By CAMERON MCWHIRTER And JENNIFER LEVITZ
-style immigration bills are under attack in several states, with some of the strongest opposition to the proposals coming from agricultural interests like the cotton and peach farmers here in central Georgia.
Farmers in states from Florida to Indiana are pressuring—and in some cases persuading—state politicians to rethink proposed legislation that would authorize crackdowns on illegal immigration. They argue that the legislation will drive Mexican workers out of their states, and that there aren’t enough American workers willing to pick crops. They want legislation at the federal level, which wouldn’t favor one state over another.
At least 25 states are weighing proposals to crack down on illegal immigration and employers who hire them, according to the National Conference of State Legislatures. Arizona law allows police to check the immigration status of people they stop, and establishes stiff penalties for businesses or individuals who hire illegal immigrants.
“Nobody wants illegal immigrants, but when you get down to the reality of the situation, farmers have to have workers to do the job,” said Al Pearson, a peach and pecan farmer in Roberta. He said he hires only federally approved guest laborers to work his 3,600-acre farm, paying them $9.11 an hour plus benefits.
But the current federal system, involving approvals from multiple agencies, is slow and can’t process enough legal workers for the state’s large agricultural industry, he said. A bureaucratic glitch held up approvals for 100 Mexican workers for two weeks in February, setting back his tree pruning and other preparations for peach-picking season. “It frightened me because I didn’t have a plan B. I don’t have domestic workers,” he said.
“There is no farm in this county that could continue without Mexican labor,” said Robert Ray, a Crawford County farmer who for years led the agriculture committee in the Georgia House.
Indiana Sen. Mike Delph, a Republican and sponsor of Arizona-style legislation there, doesn’t buy the farmers’ arguments. “I think the dirty little secret in agriculture is that farmers intentionally hire illegal immigrants, and they hide behind the Washington, D.C., gridlock as an excuse to justify their lawbreaking,” he said.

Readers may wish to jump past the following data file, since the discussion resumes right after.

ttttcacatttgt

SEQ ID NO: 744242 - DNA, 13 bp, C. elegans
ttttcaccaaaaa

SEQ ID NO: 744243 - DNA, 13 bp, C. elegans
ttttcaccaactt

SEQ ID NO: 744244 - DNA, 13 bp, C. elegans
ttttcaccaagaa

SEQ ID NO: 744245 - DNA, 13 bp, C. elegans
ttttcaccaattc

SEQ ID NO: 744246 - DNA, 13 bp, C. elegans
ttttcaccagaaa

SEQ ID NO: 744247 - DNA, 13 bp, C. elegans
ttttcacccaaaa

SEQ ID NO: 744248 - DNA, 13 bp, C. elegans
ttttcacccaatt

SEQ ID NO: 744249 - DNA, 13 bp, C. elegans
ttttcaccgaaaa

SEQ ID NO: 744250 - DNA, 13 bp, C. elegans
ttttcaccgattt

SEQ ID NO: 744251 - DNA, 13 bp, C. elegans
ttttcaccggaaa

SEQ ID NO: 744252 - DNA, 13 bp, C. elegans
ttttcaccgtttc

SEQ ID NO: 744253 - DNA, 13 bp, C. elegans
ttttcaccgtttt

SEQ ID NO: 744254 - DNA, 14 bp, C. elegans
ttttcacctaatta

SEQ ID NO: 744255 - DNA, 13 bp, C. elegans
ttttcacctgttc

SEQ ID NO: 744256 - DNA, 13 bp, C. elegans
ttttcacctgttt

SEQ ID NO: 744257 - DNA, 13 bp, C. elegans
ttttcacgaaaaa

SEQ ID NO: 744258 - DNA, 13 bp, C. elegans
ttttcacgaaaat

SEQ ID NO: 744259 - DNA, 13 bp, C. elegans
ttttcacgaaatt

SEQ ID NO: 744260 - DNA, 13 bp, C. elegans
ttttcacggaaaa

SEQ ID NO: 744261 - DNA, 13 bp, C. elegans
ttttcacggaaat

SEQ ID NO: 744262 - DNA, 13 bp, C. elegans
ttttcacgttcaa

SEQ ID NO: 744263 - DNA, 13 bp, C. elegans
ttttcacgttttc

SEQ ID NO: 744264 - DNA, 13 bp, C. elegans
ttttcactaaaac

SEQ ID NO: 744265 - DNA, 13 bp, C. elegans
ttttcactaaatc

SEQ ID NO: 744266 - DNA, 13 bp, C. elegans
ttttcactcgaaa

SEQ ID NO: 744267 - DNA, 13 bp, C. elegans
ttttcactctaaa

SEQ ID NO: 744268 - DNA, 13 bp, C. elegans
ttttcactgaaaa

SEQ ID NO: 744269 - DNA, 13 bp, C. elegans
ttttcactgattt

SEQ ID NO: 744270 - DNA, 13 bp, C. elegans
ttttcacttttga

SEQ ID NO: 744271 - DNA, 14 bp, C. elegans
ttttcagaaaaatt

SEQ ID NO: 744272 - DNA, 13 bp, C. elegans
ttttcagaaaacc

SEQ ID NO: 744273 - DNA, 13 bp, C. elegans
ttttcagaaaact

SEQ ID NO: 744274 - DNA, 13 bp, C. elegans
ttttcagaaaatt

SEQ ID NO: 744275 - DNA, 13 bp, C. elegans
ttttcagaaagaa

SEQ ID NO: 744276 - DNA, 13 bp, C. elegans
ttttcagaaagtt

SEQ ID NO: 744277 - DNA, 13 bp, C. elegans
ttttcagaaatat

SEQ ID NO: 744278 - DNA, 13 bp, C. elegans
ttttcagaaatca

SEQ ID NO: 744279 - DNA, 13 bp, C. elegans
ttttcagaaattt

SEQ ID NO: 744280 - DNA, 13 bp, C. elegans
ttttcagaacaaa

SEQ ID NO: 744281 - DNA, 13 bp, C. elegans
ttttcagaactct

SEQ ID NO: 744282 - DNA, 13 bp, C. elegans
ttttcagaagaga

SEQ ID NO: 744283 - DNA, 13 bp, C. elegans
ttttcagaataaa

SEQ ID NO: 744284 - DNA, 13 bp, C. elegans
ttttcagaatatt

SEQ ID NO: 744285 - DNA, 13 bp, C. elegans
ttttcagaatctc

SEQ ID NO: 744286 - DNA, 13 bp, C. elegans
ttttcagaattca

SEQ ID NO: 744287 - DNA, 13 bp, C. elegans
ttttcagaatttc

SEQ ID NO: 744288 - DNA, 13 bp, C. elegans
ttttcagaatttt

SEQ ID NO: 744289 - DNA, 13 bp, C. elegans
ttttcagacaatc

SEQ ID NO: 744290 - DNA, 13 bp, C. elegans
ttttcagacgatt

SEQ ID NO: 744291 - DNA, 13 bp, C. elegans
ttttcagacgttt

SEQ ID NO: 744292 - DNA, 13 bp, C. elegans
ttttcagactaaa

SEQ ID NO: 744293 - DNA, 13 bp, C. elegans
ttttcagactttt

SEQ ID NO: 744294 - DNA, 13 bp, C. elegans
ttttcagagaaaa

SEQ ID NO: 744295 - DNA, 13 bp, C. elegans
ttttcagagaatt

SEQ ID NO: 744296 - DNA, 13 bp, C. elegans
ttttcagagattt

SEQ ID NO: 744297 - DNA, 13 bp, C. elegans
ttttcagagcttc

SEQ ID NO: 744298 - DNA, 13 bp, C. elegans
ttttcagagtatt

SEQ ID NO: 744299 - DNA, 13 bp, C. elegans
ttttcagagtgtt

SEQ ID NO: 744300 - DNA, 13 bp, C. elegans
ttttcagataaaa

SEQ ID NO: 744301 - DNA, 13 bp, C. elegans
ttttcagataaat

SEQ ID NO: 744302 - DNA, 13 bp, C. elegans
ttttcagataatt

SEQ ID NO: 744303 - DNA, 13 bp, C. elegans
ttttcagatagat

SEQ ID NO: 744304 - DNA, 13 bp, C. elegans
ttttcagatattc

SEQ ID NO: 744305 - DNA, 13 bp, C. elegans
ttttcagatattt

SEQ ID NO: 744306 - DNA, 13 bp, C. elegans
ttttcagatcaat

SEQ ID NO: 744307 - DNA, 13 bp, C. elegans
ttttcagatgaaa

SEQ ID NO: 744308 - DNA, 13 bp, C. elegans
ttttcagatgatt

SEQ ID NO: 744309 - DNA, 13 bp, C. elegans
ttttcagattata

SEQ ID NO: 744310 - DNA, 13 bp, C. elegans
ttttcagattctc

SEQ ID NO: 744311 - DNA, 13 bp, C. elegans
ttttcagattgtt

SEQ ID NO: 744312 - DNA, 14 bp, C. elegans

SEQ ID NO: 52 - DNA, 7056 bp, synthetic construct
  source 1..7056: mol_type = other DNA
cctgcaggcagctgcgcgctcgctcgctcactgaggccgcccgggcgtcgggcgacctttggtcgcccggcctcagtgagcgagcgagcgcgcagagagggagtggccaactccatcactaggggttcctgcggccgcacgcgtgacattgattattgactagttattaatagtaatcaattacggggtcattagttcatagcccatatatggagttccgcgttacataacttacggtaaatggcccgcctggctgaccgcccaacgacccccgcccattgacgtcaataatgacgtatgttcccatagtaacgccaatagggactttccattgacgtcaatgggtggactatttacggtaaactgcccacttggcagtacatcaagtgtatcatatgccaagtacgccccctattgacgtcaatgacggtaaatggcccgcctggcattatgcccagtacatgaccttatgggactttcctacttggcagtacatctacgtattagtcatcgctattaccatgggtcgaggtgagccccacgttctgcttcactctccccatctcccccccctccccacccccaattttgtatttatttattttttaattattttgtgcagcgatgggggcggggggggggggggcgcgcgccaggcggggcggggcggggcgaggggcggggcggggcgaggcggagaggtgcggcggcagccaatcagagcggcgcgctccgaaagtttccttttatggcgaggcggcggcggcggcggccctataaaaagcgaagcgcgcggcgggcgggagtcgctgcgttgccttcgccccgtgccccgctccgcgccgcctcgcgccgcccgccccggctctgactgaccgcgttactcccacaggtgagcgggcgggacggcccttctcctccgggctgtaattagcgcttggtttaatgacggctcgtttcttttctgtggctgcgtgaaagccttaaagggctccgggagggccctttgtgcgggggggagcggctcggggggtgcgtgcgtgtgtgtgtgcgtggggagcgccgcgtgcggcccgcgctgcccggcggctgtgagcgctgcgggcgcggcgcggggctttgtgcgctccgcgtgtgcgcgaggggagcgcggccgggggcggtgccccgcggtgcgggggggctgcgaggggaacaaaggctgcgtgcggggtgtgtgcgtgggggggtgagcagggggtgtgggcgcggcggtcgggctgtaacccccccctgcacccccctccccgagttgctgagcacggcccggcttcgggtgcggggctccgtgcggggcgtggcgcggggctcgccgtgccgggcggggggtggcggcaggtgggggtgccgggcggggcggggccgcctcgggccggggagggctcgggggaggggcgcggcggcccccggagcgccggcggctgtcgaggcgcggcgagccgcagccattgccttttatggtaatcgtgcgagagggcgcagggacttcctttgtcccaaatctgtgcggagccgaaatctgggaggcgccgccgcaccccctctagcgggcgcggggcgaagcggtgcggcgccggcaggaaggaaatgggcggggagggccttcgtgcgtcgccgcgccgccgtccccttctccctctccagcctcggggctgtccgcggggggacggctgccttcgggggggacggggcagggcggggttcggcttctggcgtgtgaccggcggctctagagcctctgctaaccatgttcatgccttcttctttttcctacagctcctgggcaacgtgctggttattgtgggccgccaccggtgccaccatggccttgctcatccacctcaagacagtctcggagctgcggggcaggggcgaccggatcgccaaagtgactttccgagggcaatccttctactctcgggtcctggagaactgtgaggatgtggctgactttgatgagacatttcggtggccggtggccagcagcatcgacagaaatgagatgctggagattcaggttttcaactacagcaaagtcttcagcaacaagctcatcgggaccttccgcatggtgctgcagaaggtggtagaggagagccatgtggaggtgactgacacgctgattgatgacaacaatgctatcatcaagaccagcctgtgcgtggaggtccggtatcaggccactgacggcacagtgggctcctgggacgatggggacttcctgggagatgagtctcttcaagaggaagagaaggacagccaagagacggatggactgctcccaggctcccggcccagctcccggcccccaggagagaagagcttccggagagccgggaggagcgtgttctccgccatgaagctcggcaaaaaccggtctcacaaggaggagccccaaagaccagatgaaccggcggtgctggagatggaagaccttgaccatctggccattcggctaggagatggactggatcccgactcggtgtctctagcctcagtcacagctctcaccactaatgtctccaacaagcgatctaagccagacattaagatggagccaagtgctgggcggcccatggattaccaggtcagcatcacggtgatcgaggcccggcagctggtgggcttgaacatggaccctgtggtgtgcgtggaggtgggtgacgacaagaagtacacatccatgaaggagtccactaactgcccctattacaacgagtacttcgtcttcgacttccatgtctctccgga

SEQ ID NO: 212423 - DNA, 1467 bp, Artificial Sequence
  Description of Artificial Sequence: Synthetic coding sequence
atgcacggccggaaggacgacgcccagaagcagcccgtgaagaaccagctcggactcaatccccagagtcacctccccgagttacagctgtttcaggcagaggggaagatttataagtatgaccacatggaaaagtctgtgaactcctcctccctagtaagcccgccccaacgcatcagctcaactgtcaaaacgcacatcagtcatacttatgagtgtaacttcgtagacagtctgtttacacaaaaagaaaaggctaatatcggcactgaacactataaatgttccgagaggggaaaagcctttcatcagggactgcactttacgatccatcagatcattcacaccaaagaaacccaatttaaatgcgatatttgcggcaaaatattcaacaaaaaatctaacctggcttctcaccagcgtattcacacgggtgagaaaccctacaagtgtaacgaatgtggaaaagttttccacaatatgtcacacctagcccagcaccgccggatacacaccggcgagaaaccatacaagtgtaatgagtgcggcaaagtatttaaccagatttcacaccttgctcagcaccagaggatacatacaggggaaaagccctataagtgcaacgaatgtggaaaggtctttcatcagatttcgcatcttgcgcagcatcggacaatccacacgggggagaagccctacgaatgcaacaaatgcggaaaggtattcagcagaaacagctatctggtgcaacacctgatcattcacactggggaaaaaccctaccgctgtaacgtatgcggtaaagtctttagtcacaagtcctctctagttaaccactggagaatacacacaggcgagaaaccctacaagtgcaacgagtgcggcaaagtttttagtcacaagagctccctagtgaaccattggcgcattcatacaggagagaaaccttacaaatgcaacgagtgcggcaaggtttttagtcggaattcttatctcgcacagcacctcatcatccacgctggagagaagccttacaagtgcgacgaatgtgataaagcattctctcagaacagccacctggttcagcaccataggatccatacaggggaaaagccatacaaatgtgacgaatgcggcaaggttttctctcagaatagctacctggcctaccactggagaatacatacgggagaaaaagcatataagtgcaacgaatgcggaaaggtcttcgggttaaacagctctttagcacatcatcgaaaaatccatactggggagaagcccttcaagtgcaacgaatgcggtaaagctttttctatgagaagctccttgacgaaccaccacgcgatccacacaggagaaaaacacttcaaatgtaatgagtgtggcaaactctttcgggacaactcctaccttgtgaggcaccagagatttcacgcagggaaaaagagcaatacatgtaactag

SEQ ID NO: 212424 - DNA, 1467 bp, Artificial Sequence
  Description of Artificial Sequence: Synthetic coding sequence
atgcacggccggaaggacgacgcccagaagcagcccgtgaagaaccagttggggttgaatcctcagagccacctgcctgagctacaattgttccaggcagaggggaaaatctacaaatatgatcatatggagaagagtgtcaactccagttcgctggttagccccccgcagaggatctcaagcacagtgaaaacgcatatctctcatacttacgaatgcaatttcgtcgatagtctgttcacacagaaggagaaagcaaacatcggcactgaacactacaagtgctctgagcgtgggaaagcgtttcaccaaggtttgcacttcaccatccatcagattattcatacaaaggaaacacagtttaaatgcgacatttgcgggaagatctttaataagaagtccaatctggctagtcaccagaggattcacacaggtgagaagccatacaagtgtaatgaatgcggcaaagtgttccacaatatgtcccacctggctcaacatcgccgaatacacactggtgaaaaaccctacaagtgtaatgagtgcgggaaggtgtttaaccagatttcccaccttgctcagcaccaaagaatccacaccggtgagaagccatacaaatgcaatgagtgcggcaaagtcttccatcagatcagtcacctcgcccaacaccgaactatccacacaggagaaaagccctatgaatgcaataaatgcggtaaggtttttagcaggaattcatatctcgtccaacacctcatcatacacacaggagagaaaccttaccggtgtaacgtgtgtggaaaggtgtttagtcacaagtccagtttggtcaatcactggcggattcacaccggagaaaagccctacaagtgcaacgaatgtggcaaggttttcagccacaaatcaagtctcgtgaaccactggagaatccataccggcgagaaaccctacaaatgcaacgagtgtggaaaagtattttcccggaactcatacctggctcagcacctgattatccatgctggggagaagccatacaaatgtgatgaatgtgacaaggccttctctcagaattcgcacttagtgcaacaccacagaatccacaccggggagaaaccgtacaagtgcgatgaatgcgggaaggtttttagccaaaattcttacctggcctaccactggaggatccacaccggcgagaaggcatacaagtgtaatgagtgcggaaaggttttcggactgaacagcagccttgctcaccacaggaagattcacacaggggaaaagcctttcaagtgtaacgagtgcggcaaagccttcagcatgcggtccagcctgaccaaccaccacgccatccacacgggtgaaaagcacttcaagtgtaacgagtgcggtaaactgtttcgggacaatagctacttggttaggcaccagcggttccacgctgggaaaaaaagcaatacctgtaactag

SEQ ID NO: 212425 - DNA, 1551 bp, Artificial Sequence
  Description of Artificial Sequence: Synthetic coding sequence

The dust-ups over the bills are exposing a divide between two key GOP constituencies. “It’s a contest between the chamber-of-commerce Republicans and the rule-of-law Republicans,” said D.A. King, president of the Dustin Inman Society, a Marietta, Ga., group calling for stricter immigration laws. The group sells bumper stickers that declare, “We vote…and we say no to Georgiafornia!”
So far, no state has passed a law as sweeping as Arizona’s. In some states, Republican legislators have begun to weaken proposals on immigration.
Utah’s Republican-dominated legislature passed a law this month allowing illegal immigrants to work on farms there if they first get guest-worker status from the state. Republican Gov. Gary Herbert has praised the legislation as the “Utah solution,” while critics blasted the proposal as de facto amnesty.
In South Carolina, Arthur Black, a peach grower, and president of the York County Farm Bureau, said he hired undocumented workers at times, helping several of them go through the process to become legal. Mr. Black, who is 61 years old and has been farming for three decades, says he opposes an Arizona-style bill that is now moving through the South Carolina Legislature.
“The [legislators] are listening to their constituents who want all these immigrants out of the country, but when they wake up hungry one of these days, they’re going to wonder who is going to pick the crops,” said Mr. Black.
The Indiana Farm Bureau has joined the Indiana Chamber of Commerce in fighting an Arizona-style bill in that state, saying it is unrealistic given what they say are delays in the federal guest-worker program.
“People don’t try to hire illegal workers, but if your crop is going to spoil, and you’ve got this one shot at income through the year, you’re going to hire whoever comes to your door,” said Kent Yeager, the farm bureau’s director of public policy.
The Indiana bill passed the Senate, but now, the head of the Senate’s powerful appropriations committee—voicing support for the Utah approach—has suggested it be revamped.
In Florida, Rep. William Snyder, a Republican and a sponsor of an immigration bill in that state, says the legislation would help agricultural employers who play by the rules. “Right now, the playing field is uneven,” he says. “One of our major tomato growers hires only legal and documented workers; he’s at a disadvantage because he’s competing with growers who may not be careful.”
In Georgia, farmers like Mr. Pearson and Mr. Ray say that unless the federal government expands its guest-worker program, called H-2A, strict enforcement of immigration laws would choke U.S. agriculture.
Immigration bills recently passed by Georgia’s House and Senate would require businesses with four or more employees to use E-Verify, a federal program that lets employers check to see if workers are in the U.S. legally.
The Georgia Farm Bureau and other groups lobbied to modify the bills, securing an exemption in the Senate version for businesses using the federal guest-worker program. The two chambers are set to work on a compromise bill.